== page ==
In 2004, she decided to move to Italy. Her degree was accepted, but she couldn't work as a physical therapist, so she opted to teach English as a foreign language.
Marlise married Robert Scotti on March 3, 2006, in a 10th century castle in Turin. They lived there until a little more than a year ago, when Robert decided he wanted to come back to Portland and work for Klarquist Sparkman again. He was a partner when he left, so he only has to wait one year to become a partner again.
When they first moved they lived in downtown; they had no car, no furniture, no driver's licenses; Marlise had no credit card. They had to slowly build back up - first getting their driver's licenses, then a rental car, then they bought a car.
'It was probably the hardest transition (of any move to a new country),' said Marlise. 'But I did it with a baby. I was stuck at home. I used to be in a career, so I met a lot of people. Now I'm on potty and diapers.'
For now she hasn't decided what to do with her career, but it will likely be something different, said Marlise.
In October of 2007, the Scottis bought their first home in Lake Oswego, saying they moved here for the schools. Amandia will be in kindergarten at Forest Hills Elementary School in 2012, and then of course, there's the one who isn't born yet… Marlise is 10 weeks along.
As Marlise has gotten more settled in her new home, she has met other moms at Gymboree and the Lake Oswego Moms Club, which is where she first found out about the petition to get language immersion offered through Lake Oswego School District beginning in preschool. She got involved immediately and showed up at a school board meeting earlier this spring prepared to speak.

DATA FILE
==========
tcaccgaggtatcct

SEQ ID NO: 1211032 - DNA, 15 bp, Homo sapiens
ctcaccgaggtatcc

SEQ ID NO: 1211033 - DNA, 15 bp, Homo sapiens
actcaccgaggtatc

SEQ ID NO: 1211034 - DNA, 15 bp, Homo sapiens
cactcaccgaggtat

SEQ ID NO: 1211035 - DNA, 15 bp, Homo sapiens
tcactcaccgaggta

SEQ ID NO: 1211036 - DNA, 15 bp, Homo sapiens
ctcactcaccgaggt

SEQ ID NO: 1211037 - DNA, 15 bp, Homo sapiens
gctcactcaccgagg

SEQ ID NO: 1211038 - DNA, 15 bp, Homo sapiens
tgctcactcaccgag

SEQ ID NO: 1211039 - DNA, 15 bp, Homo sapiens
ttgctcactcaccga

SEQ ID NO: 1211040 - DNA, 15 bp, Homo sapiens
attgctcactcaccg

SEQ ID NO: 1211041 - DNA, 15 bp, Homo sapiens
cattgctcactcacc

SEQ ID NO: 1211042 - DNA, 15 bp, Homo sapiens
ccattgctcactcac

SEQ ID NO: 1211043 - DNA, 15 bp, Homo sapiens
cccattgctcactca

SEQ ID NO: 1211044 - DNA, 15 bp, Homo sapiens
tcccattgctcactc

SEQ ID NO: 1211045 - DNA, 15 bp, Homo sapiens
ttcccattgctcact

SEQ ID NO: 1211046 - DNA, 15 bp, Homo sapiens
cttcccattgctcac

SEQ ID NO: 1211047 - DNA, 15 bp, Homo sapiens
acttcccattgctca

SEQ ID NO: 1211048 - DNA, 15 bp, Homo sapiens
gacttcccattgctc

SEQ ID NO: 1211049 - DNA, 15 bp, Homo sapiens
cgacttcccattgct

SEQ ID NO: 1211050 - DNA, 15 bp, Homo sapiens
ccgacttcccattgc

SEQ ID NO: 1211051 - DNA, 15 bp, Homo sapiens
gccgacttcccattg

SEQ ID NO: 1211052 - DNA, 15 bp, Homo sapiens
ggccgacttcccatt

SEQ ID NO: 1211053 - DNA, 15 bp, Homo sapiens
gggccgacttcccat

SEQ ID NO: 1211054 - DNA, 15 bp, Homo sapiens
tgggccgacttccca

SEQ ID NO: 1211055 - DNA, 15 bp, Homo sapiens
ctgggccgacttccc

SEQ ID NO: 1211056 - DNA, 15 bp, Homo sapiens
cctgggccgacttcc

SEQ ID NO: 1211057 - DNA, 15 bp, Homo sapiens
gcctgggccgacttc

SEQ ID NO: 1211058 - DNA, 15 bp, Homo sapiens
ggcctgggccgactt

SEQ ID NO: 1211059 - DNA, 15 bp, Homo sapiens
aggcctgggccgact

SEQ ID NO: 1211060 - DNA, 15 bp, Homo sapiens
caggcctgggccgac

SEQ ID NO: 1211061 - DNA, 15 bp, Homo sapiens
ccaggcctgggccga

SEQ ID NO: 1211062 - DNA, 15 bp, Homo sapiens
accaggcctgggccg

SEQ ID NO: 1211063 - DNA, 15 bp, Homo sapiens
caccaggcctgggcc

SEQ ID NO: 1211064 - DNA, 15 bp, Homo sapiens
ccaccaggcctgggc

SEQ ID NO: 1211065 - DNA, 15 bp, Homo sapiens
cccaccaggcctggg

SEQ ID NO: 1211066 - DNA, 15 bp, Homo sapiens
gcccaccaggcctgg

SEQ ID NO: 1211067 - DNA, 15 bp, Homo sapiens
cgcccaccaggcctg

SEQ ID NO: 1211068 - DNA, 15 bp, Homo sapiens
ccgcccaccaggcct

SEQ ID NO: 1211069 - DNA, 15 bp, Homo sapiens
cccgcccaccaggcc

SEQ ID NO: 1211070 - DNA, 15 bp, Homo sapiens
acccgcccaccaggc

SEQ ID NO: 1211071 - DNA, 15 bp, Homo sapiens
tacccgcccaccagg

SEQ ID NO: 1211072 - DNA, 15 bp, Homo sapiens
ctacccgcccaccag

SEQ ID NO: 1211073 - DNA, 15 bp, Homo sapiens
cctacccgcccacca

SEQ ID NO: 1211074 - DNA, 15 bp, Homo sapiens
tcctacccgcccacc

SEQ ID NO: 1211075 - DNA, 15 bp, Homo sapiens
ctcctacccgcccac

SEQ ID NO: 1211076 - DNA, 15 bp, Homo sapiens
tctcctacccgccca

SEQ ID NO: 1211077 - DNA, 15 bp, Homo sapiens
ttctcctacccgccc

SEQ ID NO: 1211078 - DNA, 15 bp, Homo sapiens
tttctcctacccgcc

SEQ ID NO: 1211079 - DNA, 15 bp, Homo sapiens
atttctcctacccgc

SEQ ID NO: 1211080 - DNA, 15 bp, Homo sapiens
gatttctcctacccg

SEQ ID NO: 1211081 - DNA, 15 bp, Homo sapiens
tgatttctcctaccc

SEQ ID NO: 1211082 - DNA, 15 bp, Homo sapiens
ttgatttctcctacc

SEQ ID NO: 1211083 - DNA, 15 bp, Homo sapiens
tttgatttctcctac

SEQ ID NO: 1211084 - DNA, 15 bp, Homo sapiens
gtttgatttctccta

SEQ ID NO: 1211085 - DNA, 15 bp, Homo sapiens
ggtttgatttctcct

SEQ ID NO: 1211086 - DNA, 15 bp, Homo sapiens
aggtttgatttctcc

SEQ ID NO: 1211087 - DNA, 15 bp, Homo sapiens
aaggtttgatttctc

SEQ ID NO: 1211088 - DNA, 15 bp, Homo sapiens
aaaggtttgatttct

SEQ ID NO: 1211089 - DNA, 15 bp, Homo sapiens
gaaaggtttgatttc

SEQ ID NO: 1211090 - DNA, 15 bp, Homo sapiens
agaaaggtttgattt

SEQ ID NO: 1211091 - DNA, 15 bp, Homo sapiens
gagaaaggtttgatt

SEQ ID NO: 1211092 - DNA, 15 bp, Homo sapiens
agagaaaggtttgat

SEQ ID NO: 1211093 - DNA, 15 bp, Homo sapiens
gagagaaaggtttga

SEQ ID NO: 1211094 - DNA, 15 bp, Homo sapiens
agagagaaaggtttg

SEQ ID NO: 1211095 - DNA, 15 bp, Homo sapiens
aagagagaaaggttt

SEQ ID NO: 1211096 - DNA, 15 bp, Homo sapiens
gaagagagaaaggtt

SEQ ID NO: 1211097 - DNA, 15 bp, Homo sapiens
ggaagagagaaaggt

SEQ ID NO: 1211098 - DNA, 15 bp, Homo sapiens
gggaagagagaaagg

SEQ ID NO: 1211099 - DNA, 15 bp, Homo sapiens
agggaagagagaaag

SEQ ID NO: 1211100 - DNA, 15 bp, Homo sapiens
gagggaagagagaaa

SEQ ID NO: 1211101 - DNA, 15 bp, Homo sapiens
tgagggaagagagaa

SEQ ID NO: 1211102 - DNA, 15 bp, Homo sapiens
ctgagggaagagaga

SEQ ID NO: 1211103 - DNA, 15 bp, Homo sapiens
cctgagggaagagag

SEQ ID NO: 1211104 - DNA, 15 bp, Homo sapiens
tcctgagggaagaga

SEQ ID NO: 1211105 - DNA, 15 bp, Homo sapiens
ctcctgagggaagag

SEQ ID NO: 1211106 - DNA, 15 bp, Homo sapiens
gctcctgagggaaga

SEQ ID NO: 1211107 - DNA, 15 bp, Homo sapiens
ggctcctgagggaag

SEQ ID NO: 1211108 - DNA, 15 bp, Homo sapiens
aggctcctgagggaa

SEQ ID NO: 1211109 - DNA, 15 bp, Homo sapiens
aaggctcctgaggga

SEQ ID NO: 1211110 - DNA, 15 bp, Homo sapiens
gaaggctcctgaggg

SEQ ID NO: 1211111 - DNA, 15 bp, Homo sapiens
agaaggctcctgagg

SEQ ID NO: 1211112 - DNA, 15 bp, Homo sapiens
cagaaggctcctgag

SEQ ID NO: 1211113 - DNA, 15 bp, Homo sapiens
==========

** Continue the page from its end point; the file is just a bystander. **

Unlike many of the other parents on the petition, the Scottis are already on their way to helping Amandia learn two languages. But, for Marlise, it isn't as if she is asking that the district add Afrikaans immersion. No, she wants other parents and children to be exposed to and appreciate other cultures and languages. 'If our kid is the only one, she'll lose it when she goes to school,' said Marlise. 'If other parents or kids have an appreciation for other cultures… your language won't be funny or different.' Marlise thinks that Amandia will be more likely to keep up her Afrikaans if others appreciate it.
Marlise's background explains her view. 'South Africa has a very intricate history - there are a bunch of cultures having to survive together - Indian, black and European,' she said. Growing up Afrikaans and English were taught side-by-side, so she began learning English at the age of seven.
When the democratic government came in 1994, a lot changed. There are now 11 official languages in South Africa, and students have to take one African language, too, said Marlise. Though it is not really immersion-style - students have a few classes a week just like American students have traditionally studied Spanish or French, she said.
Afrikaans is a mix of Dutch, German and French, so Marlise picks up other European languages faster than her husband Robert. 'The closest thing I can understand is Flemish,' she said. (Flemish is a Dutch dialect that is influenced by French).
When she was in Italy, she was always complimented for her clean accent. 'Italians say they can always hear an American,' she said referring to her husband.
Still, Marlise said it took them both the full time they lived there to be able to claim fluency. 'If you don't live a language, It's very hard to learn it,' she said.
'We would never try to speak Italian to (Amandia) because we'd speak it incorrectly,' said Robert. 'You really need a native speaker.'
For now, the Scottis are passing on the right to have an Italian passport, a U.S. passport and a South African passport. And above that, they will give her fluency in English and Afrikaans. If the LOSD decides to add immersion, they may consider another European language if Amandia is interested.
'It's a great gift to be able to give… the world has become a smaller place,' said Robert.